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Young Alumna’s art challenging and enriching

Young Alumna’s art challenging and enriching

Artist Luke Willis Thompson’s widely acclaimed artworks are moving and challenging – emotionally, politically and aesthetically. They have featured among other things, his family home, Fijian gravestones and more recently, the widow of a man killed by police

Next week, the graduate from Elam School of Fine Arts, who has a Master of Fine Arts (First Class Honours), will receive the University of Auckland’s 2018 Young Alumna of the Year award, in recognition of his outstanding contribution to the arts.

Luke previously won New Zealand’s largest art award in 2014, the Walters Prize, with a work that featured his family’s suburban home.

Entitled inthisholeonthisislandwhereiam, viewers were taken by taxi from an inner city gallery and allowed to wander round and freely explore the artist’s house presented like a contemporary artefact. At just 25, Luke was the award’s youngest recipient.

Currently based in London, the Fijian-New Zealand artist was recently one of four international practitioners shortlisted for the 2018 Deutsche Börse Photography Foundation Prize, for his work Autoportrait.

Worth £30,000, the award is given annually to a living artist of any nationality who has made the most significant contribution, either through an exhibition, or publication, to photography in Europe in the previous year.

Autoportrait, made in collaboration with Diamond Reynolds, whose partner Philando Castile was shot dead by police during a traffic stop in Minnesota, consists of a silent film featuring Diamond. Literally a moving portrait, the work is imbued with a mix of classical beauty and quiet activism.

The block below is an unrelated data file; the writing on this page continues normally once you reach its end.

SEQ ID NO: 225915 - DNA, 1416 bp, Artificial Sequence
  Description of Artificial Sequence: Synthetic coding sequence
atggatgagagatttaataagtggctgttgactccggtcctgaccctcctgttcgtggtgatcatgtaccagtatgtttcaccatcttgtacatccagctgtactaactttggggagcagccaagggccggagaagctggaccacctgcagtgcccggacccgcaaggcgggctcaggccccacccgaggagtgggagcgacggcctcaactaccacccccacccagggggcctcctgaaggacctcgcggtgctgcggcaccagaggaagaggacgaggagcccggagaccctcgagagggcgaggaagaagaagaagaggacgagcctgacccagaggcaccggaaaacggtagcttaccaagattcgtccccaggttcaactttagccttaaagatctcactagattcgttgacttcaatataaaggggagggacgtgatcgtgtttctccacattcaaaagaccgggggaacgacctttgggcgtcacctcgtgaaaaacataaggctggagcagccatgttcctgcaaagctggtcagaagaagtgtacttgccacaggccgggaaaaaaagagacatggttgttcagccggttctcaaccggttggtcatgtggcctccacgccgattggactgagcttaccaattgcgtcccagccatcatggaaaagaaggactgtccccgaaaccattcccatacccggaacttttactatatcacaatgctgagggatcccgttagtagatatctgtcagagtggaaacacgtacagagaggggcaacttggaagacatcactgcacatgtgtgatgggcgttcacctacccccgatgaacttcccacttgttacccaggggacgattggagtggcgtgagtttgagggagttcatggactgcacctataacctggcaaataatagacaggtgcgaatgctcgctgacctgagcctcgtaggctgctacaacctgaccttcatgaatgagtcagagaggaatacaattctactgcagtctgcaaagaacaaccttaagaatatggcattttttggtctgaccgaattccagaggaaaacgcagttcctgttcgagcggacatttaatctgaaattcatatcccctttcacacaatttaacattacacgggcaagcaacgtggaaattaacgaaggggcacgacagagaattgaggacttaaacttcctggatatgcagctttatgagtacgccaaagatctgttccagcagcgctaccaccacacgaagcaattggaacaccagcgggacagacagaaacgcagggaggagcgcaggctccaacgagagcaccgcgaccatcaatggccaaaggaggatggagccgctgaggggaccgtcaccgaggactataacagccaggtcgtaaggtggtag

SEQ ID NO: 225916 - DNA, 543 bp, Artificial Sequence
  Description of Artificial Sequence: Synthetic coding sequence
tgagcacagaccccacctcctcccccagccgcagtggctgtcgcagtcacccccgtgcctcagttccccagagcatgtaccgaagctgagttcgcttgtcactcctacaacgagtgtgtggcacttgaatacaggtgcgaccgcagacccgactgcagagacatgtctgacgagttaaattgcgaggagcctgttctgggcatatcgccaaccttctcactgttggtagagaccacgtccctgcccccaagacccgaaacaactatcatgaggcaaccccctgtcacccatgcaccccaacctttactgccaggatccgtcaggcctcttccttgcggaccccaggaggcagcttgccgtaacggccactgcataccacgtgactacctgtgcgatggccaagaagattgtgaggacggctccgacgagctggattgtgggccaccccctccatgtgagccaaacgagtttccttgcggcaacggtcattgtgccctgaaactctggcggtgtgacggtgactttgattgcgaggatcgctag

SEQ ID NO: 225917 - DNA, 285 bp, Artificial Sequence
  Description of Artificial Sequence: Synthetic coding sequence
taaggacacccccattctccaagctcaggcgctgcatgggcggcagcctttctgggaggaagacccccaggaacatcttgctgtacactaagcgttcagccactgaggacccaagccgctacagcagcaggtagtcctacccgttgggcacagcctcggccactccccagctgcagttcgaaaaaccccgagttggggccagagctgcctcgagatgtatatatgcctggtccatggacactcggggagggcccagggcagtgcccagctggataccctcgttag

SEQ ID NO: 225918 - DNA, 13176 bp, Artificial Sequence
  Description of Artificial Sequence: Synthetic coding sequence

Elam School of Fine Arts Head of School, Assoc Prof Peter Shand says “My colleagues and I are thrilled Luke’s already significant contribution to the international art world is being celebrated by the University. His work is a resonant distillation of sharp political insight and profound emotional intensity realised with an astonishing degree of conceptual and material acuity. I have followed his success very closely and my experience of his projects here and overseas are amongst the most enriching and challenging of my life. As his career moves form strength to strength it is with unabashed pride that we count him as an alumnus of Elam and the University of Auckland. He embodies the value and critical importance of creative education and his work helps us all understand better what it means to live in the world.”

Luke’s first large-scale solo exhibition in New Zealand is currently showing at the Adam Art Gallery in Wellington as part of the 2018 New Zealand Festival.

For more information about the Distinguished Alumni Awards visit https://www.auckland.ac.nz/daa

ends


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